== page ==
What's Being Done About Induced Seismicity?

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By Andrew Mah

At 11:27 a.m. on Tuesday, January 12, 2016, a low rumble was felt by some residents of Fox Creek, Alberta. The town, a centre for natural gas production in the Duvernay formation, is located about 260 kilometres northwest of Edmonton. Roy Dell, the chief administrative officer for the town, was in a meeting at the time.

“Personally, I didn’t feel the event,” he says, “But others did. The mayor described it as the kind of shake you get when a truck drives by.”  Seismic monitoring connected this seismic event, which had a local magnitude of 4.5 ML according to Natural Resources Canada, to a hydraulic fracturing operation just west of Fox Creek.

There were no injuries or property damage caused by the event, and in compliance with Alberta Energy Regulator (AER) regulations, the hydraulic fracturing operation was immediately shut down.

Dell notes that the event, the third in the area to measure greater than 4.0 ML over the past two years, has raised some concerns regarding induced seismicity among the 2,000 residents of the northern Alberta community. It has also generated media attention, bringing fresh scrutiny to the practice of hydraulic fracturing.


“While rare, any time there’s a seismic event felt at the surface that’s related to hydraulic fracturing, that’s something industry takes very seriously,” says Chris Montgomery, CAPP’s manager of exploration and production communications and engagement.

A necessary step, and a key part of Montgomery’s job, is to reach out to local community members: to share knowledge and listen to concerns. He’s visited the town of Fox Creek several times over the past few years, including soon after the January event. He’s met with town council, residents and the town’s business support network.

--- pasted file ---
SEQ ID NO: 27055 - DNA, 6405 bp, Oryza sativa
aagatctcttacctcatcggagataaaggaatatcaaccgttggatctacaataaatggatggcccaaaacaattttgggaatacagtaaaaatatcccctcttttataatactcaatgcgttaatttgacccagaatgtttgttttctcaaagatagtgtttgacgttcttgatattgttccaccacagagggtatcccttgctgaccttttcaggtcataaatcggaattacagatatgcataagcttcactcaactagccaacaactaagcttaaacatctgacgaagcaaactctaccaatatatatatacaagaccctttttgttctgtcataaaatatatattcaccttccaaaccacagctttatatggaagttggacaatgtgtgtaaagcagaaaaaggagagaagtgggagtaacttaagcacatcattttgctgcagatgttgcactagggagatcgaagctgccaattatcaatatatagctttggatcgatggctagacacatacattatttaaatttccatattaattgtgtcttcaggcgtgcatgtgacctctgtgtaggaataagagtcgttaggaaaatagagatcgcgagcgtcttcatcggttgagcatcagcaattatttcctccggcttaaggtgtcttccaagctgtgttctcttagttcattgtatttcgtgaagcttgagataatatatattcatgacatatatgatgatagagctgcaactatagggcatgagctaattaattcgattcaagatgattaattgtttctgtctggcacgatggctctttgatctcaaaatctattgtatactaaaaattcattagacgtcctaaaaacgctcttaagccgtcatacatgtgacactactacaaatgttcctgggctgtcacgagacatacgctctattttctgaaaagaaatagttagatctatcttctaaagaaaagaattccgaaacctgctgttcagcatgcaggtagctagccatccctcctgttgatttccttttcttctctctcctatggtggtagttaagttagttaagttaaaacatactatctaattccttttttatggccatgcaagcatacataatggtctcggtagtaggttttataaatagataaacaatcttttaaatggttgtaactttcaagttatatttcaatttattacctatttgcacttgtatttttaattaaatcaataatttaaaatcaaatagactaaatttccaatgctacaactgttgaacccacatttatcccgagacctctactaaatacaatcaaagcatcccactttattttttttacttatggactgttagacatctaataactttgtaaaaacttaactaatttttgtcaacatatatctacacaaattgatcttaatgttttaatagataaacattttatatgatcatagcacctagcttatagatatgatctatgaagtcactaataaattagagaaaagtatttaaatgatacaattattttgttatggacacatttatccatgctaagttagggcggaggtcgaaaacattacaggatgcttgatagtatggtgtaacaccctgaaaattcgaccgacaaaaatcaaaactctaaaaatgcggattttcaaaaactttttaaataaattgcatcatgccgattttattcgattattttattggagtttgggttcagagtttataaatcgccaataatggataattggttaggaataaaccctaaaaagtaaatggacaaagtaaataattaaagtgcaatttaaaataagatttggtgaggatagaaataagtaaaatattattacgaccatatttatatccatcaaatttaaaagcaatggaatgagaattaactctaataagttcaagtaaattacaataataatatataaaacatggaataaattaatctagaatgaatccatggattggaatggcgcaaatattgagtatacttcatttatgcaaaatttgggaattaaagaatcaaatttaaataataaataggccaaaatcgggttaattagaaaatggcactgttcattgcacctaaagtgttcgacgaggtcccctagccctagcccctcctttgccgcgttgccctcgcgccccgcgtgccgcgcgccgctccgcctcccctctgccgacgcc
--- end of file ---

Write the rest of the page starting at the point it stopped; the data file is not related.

During these meetings, he presents the latest scientific and fact-based information on issues related to hydraulic fracturing, including induced seismicity. Montgomery notes that the responses have generally been positive, and that knowledge of the issues has grown with time.

“We’re able to let residents know there’s a great deal of research and collaboration going on right now among regulators, industry and experts in seismology into the phenomenon of induced seismicity. At the same time, we can reassure them that hydraulic fracturing is a technology that’s been safely used in the Western Canadian Sedimentary Basin for almost 60 years without any reported instances of injury or property damage,” Montgomery says.

Dell agrees that responsive engagement by industry is helpful: “It’s very important. We are an oil and natural gas town, and people understand the risks associated with development—it’s the livelihood of the town. However, if there are incidents, I believe the townspeople should be notified quickly.”